I copied and pasted the dotted circle in your post, and its Unicode value is U+25cc, not the same value as the dotted circle you see when you type a vowel with the Ezra SIL keyboard. I cannot find a single glyph that matches it. Starting a rtl line with a space fixes that. Oh ok I found it - metheg is right-alt-1 (no shift) and it will combine with a qamats in Ezra SIL font. I was able to type that with an extra space! I don't know how the text books do it. It is used when Qamets is followed by a vocal shewa. In Microsoft Word, the Format -> Paragraph menu can be used to change the paragraph's default direction to right-to-left. Community Forum Software by IP.Board 3.4.8, Android : Samsung Note III 5.0, Samsung Tab S3 7.0 and Lenovo TAB4 8" 7.1, This is not recommended for shared computers. You can follow the question or vote as helpful, but you cannot reply to this thread.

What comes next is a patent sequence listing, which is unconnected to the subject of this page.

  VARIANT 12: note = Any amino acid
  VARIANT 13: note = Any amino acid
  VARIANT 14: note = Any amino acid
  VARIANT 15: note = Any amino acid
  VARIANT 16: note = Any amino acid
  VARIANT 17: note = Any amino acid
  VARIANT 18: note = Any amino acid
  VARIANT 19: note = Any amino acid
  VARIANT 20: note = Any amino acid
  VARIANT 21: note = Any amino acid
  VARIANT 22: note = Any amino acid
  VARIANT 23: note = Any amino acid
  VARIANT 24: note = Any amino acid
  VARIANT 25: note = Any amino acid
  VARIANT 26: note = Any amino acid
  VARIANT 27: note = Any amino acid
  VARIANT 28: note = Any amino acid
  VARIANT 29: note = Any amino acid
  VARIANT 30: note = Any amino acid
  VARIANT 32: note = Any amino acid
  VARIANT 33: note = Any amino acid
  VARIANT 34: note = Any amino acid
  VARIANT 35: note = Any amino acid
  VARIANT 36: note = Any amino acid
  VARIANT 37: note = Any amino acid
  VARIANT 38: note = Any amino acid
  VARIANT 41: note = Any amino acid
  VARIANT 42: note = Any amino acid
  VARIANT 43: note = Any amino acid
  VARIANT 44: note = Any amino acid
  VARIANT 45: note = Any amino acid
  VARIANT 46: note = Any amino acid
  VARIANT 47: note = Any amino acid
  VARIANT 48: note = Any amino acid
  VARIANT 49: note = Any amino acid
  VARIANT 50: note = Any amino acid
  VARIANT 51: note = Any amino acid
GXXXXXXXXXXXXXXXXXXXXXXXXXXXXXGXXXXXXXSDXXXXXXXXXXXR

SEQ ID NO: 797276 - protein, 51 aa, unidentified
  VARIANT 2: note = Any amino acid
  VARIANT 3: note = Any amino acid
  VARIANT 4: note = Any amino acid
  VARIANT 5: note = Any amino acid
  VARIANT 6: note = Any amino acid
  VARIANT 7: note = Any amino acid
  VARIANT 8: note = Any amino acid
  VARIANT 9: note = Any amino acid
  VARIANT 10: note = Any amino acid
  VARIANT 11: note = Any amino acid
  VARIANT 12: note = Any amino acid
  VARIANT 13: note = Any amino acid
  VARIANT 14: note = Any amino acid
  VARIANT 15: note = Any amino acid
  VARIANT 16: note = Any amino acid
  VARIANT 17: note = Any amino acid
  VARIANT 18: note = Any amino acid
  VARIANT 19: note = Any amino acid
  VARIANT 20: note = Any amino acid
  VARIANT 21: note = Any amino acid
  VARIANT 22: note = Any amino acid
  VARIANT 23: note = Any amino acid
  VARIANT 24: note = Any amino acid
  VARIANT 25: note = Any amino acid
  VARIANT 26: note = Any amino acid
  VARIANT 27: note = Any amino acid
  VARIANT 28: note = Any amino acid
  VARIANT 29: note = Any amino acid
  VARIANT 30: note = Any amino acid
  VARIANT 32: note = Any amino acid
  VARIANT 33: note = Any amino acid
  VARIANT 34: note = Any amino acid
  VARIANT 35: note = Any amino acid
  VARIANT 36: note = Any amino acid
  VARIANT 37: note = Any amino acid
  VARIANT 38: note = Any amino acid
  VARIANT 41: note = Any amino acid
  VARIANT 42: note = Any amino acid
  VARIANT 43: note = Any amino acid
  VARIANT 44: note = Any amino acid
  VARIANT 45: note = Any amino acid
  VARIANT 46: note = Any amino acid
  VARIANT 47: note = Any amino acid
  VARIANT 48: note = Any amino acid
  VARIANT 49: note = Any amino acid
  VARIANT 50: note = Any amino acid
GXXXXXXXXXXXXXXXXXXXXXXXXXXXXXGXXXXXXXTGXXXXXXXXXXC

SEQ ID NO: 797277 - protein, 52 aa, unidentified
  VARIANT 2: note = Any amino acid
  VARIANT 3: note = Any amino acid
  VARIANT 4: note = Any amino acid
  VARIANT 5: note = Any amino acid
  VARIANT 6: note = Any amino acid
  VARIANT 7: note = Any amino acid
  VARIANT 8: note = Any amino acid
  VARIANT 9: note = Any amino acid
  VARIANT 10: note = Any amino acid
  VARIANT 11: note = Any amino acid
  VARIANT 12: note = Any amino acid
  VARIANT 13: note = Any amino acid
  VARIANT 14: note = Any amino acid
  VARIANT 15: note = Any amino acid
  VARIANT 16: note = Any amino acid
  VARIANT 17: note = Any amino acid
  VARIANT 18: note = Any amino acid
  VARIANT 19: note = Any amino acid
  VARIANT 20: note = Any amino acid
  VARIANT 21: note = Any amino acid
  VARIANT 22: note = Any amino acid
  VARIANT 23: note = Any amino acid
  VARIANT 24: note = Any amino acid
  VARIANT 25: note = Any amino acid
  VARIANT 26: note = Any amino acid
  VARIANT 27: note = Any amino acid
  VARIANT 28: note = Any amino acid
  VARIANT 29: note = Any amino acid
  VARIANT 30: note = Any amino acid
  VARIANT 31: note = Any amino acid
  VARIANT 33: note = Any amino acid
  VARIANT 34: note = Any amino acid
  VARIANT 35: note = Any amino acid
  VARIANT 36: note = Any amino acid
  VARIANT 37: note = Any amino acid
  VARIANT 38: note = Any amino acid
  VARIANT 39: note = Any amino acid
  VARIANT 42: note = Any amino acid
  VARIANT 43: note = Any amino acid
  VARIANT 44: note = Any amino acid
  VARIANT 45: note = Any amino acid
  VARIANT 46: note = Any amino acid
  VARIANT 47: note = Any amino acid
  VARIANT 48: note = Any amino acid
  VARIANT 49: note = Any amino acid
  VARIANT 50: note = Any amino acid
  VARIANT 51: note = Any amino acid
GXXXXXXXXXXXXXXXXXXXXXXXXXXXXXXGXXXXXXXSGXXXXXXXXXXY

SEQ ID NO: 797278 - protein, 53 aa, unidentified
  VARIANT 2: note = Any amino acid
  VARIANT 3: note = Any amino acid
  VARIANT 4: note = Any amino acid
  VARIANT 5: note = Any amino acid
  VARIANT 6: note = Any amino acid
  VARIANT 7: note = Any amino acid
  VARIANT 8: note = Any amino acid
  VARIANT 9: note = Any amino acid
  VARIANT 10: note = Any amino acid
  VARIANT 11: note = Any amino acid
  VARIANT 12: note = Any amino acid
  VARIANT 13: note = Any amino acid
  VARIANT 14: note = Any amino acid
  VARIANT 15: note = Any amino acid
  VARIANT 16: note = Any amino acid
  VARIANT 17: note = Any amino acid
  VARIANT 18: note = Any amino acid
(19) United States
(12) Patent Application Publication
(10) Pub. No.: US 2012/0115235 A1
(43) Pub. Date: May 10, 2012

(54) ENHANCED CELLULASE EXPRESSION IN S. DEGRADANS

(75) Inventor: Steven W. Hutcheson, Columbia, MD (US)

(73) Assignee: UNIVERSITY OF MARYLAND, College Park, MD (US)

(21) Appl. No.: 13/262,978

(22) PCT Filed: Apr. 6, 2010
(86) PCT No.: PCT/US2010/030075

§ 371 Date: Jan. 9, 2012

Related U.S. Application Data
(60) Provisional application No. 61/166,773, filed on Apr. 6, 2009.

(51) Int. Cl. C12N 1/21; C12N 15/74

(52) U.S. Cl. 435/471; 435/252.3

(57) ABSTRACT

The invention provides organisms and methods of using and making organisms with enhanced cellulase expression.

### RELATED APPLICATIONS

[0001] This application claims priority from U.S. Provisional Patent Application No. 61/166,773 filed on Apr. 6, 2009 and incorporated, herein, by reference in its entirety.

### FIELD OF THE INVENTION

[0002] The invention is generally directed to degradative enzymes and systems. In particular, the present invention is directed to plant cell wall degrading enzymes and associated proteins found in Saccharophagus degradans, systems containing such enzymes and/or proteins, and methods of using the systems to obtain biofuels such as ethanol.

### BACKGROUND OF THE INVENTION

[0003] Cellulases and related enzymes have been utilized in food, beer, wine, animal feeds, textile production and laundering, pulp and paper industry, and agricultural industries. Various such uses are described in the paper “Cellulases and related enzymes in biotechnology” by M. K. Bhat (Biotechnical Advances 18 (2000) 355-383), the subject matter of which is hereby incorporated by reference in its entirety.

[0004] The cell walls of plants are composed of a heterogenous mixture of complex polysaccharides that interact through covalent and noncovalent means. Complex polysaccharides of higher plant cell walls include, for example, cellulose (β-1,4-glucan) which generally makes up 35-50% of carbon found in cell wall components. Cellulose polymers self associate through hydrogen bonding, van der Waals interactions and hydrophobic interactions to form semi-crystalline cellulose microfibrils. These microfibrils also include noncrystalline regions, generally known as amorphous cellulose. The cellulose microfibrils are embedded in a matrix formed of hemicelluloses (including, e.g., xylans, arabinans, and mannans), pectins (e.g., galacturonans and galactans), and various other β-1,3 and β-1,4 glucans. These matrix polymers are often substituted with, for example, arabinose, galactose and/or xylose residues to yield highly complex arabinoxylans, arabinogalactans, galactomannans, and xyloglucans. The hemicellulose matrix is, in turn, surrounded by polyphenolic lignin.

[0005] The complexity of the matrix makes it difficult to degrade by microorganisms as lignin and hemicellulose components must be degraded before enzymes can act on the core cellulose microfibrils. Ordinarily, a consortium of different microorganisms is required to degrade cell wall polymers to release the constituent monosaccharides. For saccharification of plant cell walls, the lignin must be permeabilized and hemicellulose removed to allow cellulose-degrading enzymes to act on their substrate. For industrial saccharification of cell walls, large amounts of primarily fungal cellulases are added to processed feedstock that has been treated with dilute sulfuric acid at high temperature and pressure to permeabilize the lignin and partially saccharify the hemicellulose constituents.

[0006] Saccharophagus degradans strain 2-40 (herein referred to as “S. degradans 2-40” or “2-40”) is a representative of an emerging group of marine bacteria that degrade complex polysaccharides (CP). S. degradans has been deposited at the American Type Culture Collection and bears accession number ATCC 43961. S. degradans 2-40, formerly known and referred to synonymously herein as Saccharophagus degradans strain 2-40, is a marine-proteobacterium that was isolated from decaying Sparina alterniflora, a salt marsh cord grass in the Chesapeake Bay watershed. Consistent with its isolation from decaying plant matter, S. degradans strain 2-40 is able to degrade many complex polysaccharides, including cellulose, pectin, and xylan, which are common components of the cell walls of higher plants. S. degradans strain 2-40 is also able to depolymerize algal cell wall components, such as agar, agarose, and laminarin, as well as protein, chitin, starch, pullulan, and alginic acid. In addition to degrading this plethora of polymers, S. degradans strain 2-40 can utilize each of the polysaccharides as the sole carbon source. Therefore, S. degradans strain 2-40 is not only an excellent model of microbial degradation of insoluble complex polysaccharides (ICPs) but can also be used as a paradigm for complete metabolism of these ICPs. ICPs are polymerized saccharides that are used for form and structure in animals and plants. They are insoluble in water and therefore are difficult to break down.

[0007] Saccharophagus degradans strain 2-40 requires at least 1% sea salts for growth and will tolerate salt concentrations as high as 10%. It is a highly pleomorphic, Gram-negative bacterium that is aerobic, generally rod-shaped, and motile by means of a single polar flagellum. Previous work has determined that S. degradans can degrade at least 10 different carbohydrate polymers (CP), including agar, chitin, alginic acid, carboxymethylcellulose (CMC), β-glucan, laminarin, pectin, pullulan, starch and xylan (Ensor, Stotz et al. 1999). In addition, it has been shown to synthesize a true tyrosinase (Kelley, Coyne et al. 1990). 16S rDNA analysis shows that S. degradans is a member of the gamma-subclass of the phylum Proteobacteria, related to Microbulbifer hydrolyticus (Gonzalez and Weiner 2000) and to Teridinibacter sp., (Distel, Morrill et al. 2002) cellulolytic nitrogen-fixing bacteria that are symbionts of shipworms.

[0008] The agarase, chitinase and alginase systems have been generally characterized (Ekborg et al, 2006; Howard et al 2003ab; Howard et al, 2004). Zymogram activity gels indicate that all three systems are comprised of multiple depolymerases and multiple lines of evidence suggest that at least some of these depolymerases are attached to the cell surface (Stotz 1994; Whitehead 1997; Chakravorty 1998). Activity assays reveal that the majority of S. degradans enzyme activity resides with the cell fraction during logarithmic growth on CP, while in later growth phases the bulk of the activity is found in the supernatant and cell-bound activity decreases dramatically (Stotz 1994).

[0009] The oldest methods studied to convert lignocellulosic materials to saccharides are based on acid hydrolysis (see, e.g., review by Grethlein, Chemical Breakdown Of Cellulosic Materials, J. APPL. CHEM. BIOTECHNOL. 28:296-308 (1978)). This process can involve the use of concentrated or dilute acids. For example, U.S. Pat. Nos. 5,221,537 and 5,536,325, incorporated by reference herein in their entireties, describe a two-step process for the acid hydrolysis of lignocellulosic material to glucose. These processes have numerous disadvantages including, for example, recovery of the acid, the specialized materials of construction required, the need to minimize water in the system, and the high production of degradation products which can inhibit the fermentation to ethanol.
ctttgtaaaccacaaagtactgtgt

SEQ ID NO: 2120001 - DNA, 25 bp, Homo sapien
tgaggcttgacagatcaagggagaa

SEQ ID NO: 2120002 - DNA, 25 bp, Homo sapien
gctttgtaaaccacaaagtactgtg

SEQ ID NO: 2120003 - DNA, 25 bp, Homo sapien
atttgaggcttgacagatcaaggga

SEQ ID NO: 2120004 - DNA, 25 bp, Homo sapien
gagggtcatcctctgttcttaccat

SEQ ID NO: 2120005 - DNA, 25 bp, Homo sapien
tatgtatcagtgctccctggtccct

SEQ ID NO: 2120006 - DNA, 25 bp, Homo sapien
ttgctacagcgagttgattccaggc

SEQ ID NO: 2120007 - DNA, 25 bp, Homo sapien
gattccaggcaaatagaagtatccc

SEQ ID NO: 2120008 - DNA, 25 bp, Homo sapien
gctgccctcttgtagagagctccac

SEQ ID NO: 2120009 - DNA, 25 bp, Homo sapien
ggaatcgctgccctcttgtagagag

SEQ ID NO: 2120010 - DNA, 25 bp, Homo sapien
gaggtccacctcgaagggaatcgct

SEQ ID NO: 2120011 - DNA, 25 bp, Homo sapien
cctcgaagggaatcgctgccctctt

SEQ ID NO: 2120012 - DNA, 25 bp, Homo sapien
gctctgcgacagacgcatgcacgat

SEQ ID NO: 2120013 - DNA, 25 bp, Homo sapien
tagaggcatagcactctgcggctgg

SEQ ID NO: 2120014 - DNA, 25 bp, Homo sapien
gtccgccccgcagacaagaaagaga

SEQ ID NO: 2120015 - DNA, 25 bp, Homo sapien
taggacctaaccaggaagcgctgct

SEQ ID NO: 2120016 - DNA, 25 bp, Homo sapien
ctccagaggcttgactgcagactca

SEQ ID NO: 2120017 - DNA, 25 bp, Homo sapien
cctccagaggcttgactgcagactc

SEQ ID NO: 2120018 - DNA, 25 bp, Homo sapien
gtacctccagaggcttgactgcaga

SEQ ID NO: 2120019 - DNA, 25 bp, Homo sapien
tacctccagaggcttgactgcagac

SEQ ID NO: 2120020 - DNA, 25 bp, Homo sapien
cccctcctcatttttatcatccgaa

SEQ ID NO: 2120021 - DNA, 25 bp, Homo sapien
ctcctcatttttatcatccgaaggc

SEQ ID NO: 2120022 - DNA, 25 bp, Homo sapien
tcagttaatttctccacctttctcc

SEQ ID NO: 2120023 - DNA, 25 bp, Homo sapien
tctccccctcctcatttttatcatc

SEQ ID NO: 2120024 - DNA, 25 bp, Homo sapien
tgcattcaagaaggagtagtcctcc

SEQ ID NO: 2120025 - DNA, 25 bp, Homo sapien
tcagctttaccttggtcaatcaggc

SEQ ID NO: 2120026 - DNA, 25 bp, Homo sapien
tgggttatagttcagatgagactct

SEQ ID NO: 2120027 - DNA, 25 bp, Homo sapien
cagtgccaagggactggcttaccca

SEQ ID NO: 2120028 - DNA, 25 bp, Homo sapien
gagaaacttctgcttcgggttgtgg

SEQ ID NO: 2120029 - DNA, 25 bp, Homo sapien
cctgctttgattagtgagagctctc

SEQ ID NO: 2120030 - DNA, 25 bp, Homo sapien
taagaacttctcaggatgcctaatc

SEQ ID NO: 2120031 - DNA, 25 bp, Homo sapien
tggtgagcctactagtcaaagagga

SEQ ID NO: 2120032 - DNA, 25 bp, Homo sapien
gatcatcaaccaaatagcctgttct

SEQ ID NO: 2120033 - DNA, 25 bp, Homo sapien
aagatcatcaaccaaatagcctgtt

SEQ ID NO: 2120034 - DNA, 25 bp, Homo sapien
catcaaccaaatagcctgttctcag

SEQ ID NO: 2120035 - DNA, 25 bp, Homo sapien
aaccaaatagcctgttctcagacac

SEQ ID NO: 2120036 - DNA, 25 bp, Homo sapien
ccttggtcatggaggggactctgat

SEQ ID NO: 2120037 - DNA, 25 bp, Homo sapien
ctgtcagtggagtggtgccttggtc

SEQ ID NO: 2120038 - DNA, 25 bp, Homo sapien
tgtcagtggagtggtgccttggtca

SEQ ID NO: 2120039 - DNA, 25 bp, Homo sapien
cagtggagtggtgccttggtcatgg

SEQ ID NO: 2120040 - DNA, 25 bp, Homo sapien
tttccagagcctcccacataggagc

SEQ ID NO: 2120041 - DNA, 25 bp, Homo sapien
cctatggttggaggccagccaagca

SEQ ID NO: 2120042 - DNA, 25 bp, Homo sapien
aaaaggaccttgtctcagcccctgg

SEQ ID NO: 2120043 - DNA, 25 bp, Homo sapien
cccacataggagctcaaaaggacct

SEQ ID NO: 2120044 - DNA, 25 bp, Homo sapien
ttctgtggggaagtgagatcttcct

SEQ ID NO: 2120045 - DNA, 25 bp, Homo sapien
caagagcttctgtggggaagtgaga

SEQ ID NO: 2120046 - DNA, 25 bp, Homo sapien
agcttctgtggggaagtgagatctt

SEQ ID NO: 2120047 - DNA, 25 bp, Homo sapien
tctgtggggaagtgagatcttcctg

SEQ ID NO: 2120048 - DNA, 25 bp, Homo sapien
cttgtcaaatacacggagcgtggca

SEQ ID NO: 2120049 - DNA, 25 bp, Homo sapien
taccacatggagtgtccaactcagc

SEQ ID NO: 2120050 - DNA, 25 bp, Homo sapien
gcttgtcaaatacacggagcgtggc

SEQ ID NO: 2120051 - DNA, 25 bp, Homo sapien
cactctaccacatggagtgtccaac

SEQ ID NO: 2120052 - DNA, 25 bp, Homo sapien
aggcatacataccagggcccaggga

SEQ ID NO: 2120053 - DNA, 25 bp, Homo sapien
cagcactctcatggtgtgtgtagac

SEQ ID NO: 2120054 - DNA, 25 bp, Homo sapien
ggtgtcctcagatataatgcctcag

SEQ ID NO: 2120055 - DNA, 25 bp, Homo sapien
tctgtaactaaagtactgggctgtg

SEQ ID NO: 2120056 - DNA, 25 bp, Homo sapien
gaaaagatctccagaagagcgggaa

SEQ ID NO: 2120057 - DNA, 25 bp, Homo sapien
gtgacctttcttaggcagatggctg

A Hebrew keyboard (Hebrew: מקלדת עברית mikledet ivrit) comes in two different keyboard layouts. I don't know what the < above the character is produced by in the first place, much less whether I can combine it with anything else. To get multiple side by side like that you have to hit space between each one. I vaguely recall there used to be a way to combine characters in Word. To restore this functionality, change your keyboard layout to Hebrew, and remove the Hebrew (Standard) layout. Two things I cannot reproduce. Refer to \Ezra SIL Release 2.0\Keyboards\Tiro Keyboards\BiblicalHebrew(SIL)Manual.pdf pages 7-10 for the keyboard maps. It is not consistent marked in the BHS, but the textbooks usually consistently use the metheg. Yes. So yes I can do this in Ezra SIL it seems in LibreOffice on Win 10. Ok couple of things : the vowels I pasted in above in my paste look fine on my PC in Firefox. If you don't they end up combined which of course might be desired. CantDoTheLeftAngleBracket.JPG 8.06KB All you need is to install a Hebrew keyboard layout and a set of Hebrew fonts supporting all of those diacritical marks. The text direction is different depending on if there is a real consonant (preformative/sufformative).